Maudlin (adjective) – weakly and effusively sentimental


From “You In America” by Amanda Ngozi Adichie

I came across this word while reading “You In America” by Amanda Ngozi Adichie. It appears around the middle of the reading, as the author illustrates an interection with a man and the kind of conversation you have with him. It caught my interest because it’s a word I don’t hear quite often and didn’t know it’s meaning, so i’m curious as to how it ties in with the sentence and the author’s overall point.

“After your shift of that day, he was waiting outside, leaning by a pole, asking you to go out with him because your name ryhmed with hakuna matata and The Lion King was the only maudlin movie he’d ever liked.” (Adichie).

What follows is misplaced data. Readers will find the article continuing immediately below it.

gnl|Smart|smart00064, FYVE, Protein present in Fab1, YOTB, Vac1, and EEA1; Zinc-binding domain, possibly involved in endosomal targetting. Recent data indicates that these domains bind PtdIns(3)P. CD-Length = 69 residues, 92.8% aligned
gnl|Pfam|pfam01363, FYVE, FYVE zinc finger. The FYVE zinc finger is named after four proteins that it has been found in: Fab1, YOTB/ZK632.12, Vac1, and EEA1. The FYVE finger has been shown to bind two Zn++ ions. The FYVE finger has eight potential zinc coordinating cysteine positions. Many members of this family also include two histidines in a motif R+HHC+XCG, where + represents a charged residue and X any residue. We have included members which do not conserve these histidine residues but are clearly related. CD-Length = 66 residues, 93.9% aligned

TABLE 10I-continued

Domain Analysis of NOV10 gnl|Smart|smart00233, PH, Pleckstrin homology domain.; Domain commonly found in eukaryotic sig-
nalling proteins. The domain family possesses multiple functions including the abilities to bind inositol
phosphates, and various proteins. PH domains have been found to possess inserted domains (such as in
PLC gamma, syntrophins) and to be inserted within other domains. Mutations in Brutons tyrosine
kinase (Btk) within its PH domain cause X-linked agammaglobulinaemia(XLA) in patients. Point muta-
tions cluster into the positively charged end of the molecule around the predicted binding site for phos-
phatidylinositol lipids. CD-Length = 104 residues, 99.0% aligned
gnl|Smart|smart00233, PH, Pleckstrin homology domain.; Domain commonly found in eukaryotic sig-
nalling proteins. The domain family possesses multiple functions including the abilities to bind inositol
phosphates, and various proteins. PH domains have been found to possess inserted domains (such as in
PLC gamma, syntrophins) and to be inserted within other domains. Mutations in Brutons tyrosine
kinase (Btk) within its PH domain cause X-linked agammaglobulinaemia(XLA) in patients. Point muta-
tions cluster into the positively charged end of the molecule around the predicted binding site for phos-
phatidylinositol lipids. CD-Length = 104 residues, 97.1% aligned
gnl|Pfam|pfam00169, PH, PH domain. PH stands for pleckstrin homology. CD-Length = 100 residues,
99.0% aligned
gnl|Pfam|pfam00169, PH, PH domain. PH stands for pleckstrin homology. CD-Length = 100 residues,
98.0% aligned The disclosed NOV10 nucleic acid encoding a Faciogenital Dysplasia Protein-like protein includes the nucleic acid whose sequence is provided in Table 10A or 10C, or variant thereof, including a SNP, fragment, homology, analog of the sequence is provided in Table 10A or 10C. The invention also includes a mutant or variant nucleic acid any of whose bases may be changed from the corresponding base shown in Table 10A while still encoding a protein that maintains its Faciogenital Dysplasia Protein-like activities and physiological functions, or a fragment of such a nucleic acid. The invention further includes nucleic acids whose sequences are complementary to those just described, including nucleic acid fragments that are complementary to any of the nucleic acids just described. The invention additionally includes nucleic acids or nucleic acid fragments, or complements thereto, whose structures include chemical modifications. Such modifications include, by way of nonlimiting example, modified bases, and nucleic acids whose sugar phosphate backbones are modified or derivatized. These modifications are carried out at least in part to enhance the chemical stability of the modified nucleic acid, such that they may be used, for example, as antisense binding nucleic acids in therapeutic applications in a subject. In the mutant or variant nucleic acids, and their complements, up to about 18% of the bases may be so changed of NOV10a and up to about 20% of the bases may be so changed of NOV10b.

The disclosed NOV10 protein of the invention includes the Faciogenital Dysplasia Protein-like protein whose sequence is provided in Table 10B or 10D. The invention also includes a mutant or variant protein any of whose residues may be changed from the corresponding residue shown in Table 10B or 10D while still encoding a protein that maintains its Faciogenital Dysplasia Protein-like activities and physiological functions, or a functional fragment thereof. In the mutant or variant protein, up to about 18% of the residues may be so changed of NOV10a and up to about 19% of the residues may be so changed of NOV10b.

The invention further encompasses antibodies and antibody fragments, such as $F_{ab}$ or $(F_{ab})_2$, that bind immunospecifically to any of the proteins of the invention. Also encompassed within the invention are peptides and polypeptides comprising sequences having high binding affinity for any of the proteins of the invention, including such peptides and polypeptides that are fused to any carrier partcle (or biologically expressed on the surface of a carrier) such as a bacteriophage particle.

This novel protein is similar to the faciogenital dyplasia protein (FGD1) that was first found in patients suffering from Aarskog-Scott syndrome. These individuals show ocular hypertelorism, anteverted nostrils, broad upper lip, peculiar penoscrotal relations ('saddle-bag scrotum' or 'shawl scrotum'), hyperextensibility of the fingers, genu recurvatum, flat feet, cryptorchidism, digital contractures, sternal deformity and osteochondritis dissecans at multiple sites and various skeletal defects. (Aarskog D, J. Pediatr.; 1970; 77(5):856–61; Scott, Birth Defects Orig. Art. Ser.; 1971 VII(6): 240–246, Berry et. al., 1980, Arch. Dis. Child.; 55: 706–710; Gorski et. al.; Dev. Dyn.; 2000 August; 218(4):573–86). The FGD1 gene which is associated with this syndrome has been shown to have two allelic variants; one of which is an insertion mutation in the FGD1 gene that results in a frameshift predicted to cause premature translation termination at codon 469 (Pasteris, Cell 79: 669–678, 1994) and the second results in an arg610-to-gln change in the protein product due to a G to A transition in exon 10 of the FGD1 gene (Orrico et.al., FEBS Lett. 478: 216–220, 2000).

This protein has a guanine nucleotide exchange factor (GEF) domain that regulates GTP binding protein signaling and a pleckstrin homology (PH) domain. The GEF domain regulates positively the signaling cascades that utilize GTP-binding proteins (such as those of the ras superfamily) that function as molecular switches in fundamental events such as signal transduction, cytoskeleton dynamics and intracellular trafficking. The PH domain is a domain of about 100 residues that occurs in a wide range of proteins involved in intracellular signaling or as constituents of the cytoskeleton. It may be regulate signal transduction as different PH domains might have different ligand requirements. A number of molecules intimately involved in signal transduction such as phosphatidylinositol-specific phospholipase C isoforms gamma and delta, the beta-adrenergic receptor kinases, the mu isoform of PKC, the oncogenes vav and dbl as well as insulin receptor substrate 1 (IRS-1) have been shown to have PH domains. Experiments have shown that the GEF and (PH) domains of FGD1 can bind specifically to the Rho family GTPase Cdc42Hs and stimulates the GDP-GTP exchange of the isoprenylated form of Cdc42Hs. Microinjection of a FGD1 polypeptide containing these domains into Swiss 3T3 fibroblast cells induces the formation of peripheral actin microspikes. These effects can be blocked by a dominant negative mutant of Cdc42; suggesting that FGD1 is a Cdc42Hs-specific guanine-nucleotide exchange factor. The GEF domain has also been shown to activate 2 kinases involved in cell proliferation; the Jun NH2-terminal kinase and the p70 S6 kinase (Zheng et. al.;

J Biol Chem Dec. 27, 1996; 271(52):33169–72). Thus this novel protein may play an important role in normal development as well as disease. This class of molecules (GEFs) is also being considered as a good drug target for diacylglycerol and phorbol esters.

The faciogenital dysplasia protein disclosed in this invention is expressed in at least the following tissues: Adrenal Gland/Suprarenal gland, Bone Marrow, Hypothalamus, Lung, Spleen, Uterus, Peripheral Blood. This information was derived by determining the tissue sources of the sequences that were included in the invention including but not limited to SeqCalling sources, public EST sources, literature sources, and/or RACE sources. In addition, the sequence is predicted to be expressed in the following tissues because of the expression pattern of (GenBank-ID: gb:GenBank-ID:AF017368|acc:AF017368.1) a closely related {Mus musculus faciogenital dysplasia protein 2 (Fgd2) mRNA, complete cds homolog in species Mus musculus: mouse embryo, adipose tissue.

After reading the definition of the word I better understand the context of how the author was using it in that part of the text. As seen in the quote, the author is discribing how the man views the movie The Lion King and what it means to him.

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